Jostling to replace José Manuel Barroso as Commission president in 2014 has begun as spokesmen for Commission Vice President Viviane Reding and Parliament President Martin Schulz refused to scotch reports of their candidacies.
Reliable Commission sources told EURACTIV that Reding – the Commission vice president for justice, fundamental rights and citizenship – has “begun campaigning”.
Her spokesman Matthew Newman said: “People love to speculate. She is very happy with and focused on her current position and has a lot to do.” He did not deny the reports.
Other sources within the EU executive were less inhibited, making clear the basis on which a Reding campaign would be built.
“Her three terms as Commissioner mean that she has experience on her side, she has great contacts in the Parliament arising from her former role as an MEP," a well-placed supporter told EURACTIV. "She is extensively engaged there. She is a fervent believer in Europe. It would be hard to find someone more pro-European than her.”
Base in Parliament
Reding, of Luxembourg, is believed to have established a strong support base in the Parliament, leading to speculation that she is a shoe-in to be the candidate of the European People’s Party.
Under the Lisbon Treaty the Commission president is supposed to reflect the colour of the Parliament, and the European elections in 2014 could be run with the political groups backing their own candidates, making a clear outcome appear as a strong endorsement for the challenger.
There have also been rumours amongst MEPs that the parliament president, Martin Schulz, a German, will bag the candidacy of the Socialist and Democrats.
Schulz’s spokesman Armin Machmer also did not deny the reports.
“The PES will put forward a candidate with a high public profile and European credentials when the time arrives," Machmer said. "Martin is three months into the presidency of the European Parliament. He focuses all his work, efforts and aspirations on the post that he has been elected to, that is representing the interest of the Parliament and its members.”
Piotr Maciej Kaczy?ski, the head of politics and institutions at the Centre for European Policy Studies, a think-tank, said: “The big question is whether the parties can get clear candidates. It will be as difficult to become a candidate as it will to become president. For that reason the political groups are examining the possibility of staging primary elections.”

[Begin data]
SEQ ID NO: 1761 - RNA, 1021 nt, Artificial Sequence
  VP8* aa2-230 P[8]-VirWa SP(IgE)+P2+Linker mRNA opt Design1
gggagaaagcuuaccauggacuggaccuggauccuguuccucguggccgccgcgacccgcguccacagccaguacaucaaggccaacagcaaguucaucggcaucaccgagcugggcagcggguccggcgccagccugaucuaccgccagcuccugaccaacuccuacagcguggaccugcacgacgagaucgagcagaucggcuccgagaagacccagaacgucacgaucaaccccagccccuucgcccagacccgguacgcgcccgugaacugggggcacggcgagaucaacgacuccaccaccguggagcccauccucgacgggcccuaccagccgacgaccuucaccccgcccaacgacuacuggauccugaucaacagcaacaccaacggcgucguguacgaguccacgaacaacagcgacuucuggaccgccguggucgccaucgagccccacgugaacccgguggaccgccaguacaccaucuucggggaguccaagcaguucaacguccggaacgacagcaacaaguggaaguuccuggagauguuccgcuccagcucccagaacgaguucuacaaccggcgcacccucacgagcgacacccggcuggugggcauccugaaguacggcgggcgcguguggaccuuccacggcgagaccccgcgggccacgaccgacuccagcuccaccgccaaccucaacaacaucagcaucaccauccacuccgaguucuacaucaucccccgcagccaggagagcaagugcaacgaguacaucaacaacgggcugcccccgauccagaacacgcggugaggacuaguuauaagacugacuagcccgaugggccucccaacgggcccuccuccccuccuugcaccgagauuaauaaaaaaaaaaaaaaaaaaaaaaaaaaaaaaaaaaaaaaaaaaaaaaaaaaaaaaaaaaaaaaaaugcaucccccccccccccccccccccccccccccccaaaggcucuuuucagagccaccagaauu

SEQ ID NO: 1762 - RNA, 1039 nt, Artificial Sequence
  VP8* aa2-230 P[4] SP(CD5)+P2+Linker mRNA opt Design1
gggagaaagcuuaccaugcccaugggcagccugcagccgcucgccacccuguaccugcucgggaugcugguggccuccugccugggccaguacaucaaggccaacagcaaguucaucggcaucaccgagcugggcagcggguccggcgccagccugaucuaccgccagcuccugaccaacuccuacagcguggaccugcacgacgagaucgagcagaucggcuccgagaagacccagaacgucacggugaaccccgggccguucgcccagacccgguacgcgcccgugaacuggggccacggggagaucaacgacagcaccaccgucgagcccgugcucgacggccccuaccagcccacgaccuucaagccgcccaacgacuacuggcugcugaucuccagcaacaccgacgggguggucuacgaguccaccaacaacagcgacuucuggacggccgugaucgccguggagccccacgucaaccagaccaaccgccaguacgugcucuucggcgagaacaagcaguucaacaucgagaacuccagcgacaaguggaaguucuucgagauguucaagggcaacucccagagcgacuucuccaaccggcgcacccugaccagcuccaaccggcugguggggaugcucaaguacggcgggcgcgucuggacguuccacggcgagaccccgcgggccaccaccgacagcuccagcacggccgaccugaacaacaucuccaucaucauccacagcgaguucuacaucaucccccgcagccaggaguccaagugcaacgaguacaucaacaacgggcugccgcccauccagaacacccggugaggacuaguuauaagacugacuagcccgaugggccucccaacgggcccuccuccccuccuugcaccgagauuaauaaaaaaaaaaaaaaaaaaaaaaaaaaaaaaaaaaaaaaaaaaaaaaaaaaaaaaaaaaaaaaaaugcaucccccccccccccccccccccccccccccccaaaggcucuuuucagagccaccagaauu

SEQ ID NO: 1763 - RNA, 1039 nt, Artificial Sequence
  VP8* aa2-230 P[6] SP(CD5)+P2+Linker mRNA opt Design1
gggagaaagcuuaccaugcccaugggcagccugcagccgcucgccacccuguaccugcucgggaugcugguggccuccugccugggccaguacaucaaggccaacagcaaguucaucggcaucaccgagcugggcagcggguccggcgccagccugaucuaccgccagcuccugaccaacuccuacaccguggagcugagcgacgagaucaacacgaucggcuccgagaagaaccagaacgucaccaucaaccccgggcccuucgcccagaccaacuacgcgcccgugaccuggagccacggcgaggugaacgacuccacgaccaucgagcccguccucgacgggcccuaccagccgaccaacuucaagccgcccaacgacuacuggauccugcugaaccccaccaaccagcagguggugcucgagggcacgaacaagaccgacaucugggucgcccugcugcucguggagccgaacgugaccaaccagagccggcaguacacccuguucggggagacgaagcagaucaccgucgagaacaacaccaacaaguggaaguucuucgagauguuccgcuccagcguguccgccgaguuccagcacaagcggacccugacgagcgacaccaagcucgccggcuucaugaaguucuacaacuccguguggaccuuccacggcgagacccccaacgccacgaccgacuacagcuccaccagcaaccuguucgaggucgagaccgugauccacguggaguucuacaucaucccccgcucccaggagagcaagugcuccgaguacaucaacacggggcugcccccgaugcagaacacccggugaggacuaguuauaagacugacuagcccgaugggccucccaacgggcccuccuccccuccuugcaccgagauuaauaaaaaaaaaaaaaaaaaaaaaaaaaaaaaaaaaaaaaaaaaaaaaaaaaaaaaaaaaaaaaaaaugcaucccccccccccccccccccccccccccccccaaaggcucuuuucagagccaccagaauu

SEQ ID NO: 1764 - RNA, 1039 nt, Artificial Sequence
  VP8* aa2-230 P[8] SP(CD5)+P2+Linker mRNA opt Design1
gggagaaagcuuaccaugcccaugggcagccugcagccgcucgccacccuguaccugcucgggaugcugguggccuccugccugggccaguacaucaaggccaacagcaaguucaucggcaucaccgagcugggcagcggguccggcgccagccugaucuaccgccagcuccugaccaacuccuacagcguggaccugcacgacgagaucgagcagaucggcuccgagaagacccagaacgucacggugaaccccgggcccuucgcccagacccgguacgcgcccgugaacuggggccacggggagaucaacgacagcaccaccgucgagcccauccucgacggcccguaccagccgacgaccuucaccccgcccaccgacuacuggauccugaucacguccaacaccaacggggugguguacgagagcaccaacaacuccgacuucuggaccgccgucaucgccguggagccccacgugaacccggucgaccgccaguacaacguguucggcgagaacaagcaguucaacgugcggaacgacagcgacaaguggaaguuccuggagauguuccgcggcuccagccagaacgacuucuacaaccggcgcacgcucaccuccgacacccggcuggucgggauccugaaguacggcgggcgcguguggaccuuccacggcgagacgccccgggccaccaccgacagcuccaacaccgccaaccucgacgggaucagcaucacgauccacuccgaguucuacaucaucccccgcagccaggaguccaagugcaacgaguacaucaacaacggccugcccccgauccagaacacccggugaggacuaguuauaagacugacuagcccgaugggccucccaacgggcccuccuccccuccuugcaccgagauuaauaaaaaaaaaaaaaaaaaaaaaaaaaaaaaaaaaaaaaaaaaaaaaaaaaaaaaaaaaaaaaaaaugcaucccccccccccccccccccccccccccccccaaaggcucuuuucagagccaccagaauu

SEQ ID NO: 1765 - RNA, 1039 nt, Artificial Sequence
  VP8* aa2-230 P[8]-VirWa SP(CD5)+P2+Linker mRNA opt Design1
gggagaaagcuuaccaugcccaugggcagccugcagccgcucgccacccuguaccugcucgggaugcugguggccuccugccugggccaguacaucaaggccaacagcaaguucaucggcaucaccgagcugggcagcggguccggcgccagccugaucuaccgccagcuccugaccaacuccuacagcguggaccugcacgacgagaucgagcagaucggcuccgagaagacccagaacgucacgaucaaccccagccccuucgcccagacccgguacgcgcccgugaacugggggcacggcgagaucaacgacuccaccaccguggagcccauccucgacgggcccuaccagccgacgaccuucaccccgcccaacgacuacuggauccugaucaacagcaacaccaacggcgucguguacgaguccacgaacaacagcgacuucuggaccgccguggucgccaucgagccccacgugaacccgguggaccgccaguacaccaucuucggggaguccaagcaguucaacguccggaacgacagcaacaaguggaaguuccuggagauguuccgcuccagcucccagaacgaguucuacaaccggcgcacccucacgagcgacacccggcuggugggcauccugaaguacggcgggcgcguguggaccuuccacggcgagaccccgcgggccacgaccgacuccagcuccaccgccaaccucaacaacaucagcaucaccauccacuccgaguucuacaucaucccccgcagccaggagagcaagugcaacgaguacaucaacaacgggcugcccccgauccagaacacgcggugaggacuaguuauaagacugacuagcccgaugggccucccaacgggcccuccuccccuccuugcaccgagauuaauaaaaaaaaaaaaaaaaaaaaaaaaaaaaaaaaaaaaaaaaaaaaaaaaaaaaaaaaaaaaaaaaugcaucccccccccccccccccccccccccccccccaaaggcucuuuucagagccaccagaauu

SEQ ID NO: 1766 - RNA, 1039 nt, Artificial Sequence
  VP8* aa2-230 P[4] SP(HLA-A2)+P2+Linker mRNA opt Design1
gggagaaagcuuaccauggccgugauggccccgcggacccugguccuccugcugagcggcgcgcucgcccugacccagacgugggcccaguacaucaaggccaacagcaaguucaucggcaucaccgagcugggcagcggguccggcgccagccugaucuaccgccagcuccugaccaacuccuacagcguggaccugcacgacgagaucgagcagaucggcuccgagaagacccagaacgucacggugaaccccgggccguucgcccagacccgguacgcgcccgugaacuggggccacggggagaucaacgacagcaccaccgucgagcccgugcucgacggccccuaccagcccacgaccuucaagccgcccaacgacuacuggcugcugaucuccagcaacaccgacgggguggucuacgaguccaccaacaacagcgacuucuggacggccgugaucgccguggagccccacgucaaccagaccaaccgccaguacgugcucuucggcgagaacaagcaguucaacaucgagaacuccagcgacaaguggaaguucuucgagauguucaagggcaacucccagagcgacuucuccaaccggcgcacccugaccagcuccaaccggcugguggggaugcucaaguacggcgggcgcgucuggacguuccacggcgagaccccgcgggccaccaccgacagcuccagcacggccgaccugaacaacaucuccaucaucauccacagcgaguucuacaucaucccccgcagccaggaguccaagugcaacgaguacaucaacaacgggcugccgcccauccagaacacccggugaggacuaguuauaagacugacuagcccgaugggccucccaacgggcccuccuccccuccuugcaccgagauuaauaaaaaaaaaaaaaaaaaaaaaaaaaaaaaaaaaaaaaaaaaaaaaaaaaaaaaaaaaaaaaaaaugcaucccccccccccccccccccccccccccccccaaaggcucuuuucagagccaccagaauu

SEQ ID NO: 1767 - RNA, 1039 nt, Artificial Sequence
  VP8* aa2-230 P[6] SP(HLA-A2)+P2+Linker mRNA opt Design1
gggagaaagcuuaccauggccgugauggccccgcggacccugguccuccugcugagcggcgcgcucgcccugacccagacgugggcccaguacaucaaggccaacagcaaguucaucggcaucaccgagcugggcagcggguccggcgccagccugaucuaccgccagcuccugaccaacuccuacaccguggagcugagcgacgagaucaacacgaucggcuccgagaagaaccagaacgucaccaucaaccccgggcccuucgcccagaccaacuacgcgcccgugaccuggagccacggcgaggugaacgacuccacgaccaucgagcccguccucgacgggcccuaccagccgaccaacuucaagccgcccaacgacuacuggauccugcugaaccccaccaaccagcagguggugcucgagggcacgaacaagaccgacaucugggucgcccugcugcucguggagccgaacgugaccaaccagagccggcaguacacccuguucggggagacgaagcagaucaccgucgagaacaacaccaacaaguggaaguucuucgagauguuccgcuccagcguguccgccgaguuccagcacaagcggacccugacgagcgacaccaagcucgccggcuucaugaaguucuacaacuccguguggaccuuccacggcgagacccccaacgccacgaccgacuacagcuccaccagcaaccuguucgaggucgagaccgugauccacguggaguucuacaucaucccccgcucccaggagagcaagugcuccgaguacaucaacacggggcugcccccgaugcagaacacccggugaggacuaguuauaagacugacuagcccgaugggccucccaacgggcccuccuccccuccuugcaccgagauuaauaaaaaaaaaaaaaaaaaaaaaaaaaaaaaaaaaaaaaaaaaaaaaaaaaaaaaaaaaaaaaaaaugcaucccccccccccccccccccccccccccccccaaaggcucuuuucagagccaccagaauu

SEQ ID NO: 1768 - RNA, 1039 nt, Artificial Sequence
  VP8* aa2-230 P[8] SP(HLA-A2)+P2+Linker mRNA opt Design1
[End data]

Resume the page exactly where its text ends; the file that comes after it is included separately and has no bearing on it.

Mario Monti, back in Brussels?
The nature of any battle between candidates also depends on what names emerge as likely candidates. There is speculation in Berlin that German Chancellor Angela Merkel considers Italian Prime Minister Mario Monti – himself a former commissioner – as a good candidate for Commission president.
Monti does not belong to one of the political groups, however, and such a candidate would entail a less political campaign.
Although Barroso will not step down until 2014, it is unsurprising that reports of jostling are emerging early.
The prospect of a change of Commissioners’ cabinets surrounding a new presidency – after Barroso’s full 10-year term – will trigger advance positioning by senior officials.
Early declarations of candidacy offer a degree of certainty and also indicate political courage. However, any candidate must bank on a fair degree of risk.
“A lot can happen in politics in two years. Luxembourg, France and Germany all have elections in the interim,” the Reding supporter said.
Front-runners have not usually met with success in the past, and the final decision-making process rests with the leadership of the member states.
Article 17 of the European Treaty – amended by the Lisbon Treaty – lays out the procedure for appointing the president and his team.
The European Council votes by qualified majority for a nominee for the post of president, taking account of the latest European elections.
This proposal is then put before Parliament which must approve or veto the appointment. If an absolute majority of MEPs support the nominee, he or she is elected.
The president then, together with the Council, puts forward his team to the Parliament to be scrutinised. The Parliament then votes on the Commission as a whole and, if approved, the European Council, acting by a qualified majority, appoints the president and other commissioners to office.
The candidate selected by the Council has often been a leading national politician, but this is not a requirement.
- 2014: New Commission president will be appointed by Council, and elected by Parliament